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Frank Chapman speaks out against police terror

By staff |
October 23, 2014
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The Chicago Alliance Against Racist and Political Repression held a public forum on the campaign for a Civilian Police Accountability Council (CPAC) on Oct. 16 at Trinity United Church of Christ on Chicago’s South Side. Over 50 activists attended this meeting, including families of victims of police crimes, prominent attorney Stan Willis, and labor and community activists.

Frank Chapman, who has a long history of labor organizing, is a now a field organizer for the National Alliance Against Racist and Political Repression. He is the former Executive Director of the National Alliance Against Racist and Political Repression, and lead many of the Alliance’s campaigns in the 70’s and 80’s.

The following is the text of Chapman’s Oct. 16 speech:

The Chicago Alliance Against Racist and Political Repression has launched a campaign for an elected Civilian Police Accountability Council (CPAC) and I submit that this CPAC campaign is in reality the equivalent of an anti-lynch campaign. We say this because the police and vigilantes are operating under the color of state laws to do the same thing that lynch mobs did and often with the same racist fervor. In point of fact when George Zimmerman murdered Trayvon Martin he (Zimmerman) was supported by a white racist mob organized by right wing extremists that raised nearly a million dollars for his defense fund. The same thing happened with the white cop, Daren Wilson, who killed Michael Brown. Immediately the organized, ultra-right wing extremists organized a defense fund and raised $400,000 for Wilson.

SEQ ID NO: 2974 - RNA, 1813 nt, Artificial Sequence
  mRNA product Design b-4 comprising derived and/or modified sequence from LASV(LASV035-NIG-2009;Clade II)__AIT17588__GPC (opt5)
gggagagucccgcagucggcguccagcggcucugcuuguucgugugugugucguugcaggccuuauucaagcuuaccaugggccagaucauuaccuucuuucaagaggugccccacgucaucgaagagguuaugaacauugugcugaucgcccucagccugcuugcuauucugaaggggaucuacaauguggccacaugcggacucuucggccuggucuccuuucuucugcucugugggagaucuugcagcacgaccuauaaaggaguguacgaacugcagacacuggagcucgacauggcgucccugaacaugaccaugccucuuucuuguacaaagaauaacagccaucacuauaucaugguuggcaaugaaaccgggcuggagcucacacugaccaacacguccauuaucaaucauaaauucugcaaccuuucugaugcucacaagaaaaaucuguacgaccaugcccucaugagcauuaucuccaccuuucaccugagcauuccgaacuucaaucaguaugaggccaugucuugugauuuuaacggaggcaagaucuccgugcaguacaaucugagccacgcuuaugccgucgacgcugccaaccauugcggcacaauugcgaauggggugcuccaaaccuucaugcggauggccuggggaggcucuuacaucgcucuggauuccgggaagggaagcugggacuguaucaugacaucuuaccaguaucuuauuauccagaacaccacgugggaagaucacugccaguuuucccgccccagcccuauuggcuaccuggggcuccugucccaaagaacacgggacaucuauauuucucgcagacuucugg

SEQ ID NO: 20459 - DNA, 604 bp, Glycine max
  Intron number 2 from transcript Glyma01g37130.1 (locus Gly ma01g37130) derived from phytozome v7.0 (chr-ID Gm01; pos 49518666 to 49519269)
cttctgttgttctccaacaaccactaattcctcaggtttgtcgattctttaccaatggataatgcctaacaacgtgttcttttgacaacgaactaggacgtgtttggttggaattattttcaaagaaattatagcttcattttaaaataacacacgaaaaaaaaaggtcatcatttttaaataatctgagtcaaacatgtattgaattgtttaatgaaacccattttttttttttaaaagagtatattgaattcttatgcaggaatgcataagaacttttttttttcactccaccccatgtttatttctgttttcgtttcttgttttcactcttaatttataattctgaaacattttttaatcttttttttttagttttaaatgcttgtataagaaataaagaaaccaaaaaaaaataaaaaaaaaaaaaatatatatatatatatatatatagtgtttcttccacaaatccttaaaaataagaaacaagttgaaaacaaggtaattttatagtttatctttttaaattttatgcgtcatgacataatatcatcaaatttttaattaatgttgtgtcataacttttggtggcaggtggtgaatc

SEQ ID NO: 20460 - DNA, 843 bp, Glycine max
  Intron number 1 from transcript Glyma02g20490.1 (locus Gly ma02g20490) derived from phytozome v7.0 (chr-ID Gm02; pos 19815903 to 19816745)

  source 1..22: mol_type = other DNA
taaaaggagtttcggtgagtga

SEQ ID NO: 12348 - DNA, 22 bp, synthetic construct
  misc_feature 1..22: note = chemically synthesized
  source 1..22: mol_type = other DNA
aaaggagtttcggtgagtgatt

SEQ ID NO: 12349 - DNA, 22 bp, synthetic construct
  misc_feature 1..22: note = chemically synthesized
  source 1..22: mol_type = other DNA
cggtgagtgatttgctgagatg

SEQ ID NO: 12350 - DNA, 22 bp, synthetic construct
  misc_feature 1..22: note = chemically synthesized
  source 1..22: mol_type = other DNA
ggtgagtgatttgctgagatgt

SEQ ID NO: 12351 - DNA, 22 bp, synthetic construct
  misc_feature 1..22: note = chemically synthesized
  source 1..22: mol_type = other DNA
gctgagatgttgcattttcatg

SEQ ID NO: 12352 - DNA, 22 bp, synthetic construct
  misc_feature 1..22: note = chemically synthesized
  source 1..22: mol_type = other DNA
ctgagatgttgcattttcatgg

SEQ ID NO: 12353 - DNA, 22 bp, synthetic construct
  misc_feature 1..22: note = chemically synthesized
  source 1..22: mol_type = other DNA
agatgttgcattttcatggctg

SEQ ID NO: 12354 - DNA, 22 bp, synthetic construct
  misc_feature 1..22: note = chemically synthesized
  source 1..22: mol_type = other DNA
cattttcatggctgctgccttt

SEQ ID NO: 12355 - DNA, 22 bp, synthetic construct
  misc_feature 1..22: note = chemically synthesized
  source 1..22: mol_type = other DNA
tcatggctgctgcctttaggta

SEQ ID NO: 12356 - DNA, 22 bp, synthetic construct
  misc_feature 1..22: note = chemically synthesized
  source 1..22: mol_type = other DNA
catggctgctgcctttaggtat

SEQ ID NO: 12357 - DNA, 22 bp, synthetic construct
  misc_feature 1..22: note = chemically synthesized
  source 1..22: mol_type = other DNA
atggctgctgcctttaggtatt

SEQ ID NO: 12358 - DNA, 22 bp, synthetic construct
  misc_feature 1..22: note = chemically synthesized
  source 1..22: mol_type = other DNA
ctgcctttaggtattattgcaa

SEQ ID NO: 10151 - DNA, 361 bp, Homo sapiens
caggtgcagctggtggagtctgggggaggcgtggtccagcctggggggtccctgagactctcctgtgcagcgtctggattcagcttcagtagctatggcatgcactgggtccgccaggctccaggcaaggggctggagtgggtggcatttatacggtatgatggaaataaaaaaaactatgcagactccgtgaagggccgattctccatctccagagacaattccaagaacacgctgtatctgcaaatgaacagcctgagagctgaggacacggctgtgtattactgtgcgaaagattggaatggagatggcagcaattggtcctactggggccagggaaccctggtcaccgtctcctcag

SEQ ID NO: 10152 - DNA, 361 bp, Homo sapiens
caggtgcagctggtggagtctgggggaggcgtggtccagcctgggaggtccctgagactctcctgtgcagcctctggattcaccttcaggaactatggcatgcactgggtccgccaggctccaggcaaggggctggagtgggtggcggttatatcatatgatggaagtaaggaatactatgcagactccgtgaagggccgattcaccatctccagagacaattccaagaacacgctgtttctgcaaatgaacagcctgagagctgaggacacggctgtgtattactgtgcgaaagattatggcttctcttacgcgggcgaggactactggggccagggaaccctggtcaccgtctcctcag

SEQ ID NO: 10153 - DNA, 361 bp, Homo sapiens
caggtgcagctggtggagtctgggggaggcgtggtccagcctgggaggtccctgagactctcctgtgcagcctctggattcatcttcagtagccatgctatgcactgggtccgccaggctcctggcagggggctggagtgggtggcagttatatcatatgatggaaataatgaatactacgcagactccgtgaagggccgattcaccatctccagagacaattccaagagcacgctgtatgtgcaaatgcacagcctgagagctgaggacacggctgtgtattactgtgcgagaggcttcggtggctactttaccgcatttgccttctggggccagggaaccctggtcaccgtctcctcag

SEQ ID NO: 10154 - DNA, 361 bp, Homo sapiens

In the period Jan. 1, 2009 to June 30, 2014 there have been 86 people killed by Chicago police officers acting under the color of law. They - the people killed - were among the more than 294 people shot by police officers. African Americans were 78.1% of the shooting victims and Latinos were 13.2%, while 7.1% were white.